How Contempt Is Corroding Democracy
Is our democracy corroding? In this original, eloquent essay, Waleed Aly and Scott Stephens explore the ethics and politics of public debate – and the threat it now faces.
In a healthy society we need the capacity to disagree. Yet Aly and Stephens note a growing tendency to disdain and dismiss opponents, to treat them with contempt. This toxic partisanship has been imported from the United States, where it has been a temptation for both left and right. Aly and Stephens discuss some telling examples, analyse the role of the media, and look back to heroes of democracy who found a better way forward.
Arguing that democracy cannot survive contempt, they draw on philosophy, literature and history to make an urgent case about the present.
‘So what do we owe those with whom we might profoundly, even radically, disagree? In our time, the answer increasingly seems to be: Nothing. Absolutely nothing. We've come to regard our opponents as not much more than obstructions in the road, impediments standing between us and our desired end. We have grown disinclined to consider what it might mean to go on together meaningfully as partners within a shared democratic project. To put it bluntly, we see no future with our political opponents because we feel we have nothing to learn from them.’ —Waleed Aly & Scott Stephens, Uncivil Wars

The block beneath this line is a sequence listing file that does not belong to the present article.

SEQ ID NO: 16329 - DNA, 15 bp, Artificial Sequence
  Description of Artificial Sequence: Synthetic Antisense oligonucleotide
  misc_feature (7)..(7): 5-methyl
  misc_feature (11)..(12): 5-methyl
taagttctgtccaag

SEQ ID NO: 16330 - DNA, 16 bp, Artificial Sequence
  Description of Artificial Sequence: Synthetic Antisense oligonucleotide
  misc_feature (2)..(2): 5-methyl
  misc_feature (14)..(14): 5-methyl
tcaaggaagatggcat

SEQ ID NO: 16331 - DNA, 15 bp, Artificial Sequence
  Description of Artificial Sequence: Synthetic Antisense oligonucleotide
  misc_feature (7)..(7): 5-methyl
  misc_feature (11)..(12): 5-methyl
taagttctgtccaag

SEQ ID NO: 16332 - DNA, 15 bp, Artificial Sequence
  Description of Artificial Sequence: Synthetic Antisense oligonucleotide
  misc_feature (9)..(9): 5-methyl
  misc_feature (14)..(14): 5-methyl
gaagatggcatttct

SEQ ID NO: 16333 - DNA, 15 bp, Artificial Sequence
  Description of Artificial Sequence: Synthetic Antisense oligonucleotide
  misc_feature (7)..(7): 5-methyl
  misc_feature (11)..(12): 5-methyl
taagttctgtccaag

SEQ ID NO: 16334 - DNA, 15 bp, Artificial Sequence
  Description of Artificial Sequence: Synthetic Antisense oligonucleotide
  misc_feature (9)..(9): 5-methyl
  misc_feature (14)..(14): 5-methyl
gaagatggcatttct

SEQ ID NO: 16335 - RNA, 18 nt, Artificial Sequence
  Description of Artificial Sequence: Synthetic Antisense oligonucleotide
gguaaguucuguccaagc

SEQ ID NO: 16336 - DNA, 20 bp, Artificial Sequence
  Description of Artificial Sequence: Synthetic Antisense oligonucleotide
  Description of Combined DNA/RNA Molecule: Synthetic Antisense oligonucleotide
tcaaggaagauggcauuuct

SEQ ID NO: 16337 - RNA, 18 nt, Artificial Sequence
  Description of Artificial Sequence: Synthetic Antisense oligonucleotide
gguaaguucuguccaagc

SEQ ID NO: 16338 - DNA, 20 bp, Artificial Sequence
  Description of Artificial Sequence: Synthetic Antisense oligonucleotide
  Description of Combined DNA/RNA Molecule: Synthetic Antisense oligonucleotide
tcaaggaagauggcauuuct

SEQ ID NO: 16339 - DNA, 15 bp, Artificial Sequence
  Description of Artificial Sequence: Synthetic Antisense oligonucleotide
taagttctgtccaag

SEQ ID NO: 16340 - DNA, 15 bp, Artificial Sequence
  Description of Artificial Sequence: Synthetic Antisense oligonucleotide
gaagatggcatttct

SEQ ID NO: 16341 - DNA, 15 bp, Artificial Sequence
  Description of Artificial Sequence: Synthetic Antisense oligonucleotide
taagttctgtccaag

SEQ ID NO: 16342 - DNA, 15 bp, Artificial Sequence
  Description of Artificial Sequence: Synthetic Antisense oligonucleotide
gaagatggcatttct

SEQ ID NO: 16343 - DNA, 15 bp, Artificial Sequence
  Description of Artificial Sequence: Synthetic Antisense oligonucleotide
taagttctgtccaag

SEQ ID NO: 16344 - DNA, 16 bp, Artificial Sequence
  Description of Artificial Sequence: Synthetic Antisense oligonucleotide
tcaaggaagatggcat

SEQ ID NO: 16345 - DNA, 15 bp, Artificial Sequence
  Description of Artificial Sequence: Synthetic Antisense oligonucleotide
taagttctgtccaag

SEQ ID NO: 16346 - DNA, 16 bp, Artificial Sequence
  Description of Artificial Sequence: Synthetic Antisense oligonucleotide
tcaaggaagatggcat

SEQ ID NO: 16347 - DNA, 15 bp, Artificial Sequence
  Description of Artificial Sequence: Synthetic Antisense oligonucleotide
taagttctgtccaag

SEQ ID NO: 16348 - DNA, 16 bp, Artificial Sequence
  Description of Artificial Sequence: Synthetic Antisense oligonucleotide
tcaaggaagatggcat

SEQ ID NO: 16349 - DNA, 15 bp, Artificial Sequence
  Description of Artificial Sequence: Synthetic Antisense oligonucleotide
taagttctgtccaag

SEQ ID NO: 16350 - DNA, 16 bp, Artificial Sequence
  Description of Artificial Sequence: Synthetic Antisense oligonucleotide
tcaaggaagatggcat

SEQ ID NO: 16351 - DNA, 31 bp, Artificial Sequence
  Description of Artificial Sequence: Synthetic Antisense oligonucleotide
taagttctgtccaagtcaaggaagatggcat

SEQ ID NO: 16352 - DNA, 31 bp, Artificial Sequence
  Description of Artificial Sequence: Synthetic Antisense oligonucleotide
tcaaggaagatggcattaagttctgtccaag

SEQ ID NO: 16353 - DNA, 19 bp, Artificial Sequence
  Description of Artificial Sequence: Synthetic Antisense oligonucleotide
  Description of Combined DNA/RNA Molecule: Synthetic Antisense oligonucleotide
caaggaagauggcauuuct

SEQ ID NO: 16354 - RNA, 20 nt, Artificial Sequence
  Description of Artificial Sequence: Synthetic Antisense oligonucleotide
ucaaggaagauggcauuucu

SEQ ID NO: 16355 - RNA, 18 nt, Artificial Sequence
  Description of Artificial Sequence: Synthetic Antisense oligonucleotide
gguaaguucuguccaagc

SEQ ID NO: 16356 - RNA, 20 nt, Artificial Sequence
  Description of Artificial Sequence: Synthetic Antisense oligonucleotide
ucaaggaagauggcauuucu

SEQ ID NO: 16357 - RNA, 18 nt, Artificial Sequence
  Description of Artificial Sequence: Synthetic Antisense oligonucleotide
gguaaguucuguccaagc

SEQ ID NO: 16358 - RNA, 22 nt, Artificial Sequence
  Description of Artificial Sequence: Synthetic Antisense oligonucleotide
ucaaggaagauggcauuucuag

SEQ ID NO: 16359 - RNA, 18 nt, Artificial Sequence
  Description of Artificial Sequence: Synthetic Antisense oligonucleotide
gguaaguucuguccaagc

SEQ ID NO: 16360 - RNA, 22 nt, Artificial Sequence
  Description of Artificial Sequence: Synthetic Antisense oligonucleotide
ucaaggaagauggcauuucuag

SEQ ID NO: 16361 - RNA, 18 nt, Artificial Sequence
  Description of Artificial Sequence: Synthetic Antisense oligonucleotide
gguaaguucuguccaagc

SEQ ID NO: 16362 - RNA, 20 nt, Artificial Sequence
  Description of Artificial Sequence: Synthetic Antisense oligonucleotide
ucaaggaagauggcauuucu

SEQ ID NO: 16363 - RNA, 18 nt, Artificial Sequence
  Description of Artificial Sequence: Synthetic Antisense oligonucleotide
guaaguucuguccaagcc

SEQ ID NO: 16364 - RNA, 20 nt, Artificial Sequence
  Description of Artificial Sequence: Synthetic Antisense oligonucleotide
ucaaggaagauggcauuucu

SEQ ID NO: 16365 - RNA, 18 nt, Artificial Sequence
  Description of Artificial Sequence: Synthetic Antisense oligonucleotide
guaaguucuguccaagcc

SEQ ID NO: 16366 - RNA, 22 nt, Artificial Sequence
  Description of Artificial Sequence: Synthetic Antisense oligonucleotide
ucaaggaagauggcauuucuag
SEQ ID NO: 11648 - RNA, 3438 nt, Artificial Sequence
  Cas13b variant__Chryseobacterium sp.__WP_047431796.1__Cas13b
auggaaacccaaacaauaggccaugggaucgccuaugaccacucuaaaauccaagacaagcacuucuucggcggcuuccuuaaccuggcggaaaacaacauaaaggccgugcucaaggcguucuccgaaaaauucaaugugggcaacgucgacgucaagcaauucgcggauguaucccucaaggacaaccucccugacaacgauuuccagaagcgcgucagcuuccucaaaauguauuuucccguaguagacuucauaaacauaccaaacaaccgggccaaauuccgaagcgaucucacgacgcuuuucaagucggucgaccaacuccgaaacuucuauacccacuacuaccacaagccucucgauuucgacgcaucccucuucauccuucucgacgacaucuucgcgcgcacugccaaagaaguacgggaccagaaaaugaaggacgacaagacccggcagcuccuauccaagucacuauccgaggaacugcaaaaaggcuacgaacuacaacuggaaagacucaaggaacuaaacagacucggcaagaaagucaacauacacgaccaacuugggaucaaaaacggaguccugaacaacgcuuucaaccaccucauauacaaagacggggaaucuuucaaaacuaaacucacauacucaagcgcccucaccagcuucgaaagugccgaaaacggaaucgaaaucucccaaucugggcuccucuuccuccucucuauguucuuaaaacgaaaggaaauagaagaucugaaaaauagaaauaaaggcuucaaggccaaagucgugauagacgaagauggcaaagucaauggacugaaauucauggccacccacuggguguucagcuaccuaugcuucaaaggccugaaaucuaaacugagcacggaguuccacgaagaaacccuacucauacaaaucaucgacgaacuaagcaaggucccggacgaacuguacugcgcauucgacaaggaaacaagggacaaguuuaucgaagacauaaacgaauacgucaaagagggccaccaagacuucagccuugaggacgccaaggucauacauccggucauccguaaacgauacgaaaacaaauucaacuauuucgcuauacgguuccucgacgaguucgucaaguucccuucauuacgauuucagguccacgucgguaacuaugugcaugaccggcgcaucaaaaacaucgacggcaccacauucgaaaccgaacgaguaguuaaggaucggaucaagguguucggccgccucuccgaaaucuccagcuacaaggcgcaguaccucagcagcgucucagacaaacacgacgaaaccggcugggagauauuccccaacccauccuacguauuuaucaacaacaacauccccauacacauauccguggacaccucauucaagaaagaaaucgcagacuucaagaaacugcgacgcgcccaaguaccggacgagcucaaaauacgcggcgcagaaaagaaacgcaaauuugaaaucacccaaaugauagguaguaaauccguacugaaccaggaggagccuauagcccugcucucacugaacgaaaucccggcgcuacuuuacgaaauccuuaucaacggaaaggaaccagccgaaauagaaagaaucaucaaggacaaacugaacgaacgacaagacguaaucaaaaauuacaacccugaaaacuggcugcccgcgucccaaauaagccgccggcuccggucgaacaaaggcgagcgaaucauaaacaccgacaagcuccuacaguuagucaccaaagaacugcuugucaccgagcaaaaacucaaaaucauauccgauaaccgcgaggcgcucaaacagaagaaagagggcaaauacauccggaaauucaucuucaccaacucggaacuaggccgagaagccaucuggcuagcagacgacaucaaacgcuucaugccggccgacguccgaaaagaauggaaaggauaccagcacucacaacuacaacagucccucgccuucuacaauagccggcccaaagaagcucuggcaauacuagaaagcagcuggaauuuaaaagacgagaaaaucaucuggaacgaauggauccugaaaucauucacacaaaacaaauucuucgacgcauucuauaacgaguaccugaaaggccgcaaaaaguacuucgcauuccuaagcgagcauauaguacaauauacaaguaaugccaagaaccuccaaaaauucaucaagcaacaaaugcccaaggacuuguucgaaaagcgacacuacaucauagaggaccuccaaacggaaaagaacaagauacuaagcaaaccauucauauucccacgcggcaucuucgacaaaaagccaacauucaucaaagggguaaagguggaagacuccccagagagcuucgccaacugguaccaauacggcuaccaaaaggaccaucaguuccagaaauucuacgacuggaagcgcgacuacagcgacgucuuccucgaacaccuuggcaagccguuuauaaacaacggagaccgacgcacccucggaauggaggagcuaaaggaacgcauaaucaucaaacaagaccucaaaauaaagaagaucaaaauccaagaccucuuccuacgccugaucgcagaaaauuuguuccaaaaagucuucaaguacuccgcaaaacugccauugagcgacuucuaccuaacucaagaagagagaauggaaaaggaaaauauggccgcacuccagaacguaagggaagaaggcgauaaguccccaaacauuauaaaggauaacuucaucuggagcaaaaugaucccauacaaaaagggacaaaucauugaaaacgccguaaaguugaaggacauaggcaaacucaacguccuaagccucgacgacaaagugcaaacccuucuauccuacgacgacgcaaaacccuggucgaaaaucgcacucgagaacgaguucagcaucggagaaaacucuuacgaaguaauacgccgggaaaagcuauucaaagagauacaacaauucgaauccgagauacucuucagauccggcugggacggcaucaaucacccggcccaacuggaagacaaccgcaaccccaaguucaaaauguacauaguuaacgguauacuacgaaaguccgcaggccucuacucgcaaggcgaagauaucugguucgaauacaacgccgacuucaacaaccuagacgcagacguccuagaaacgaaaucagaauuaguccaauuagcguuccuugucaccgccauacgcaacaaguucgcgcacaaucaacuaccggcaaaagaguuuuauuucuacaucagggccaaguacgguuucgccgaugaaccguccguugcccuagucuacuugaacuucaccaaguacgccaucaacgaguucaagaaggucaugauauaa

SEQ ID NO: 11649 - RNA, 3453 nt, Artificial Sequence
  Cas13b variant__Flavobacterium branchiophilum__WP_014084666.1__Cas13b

READ AN EXTRACT
Quarterly Essay News
Sign up to receive the latest news in our newsletter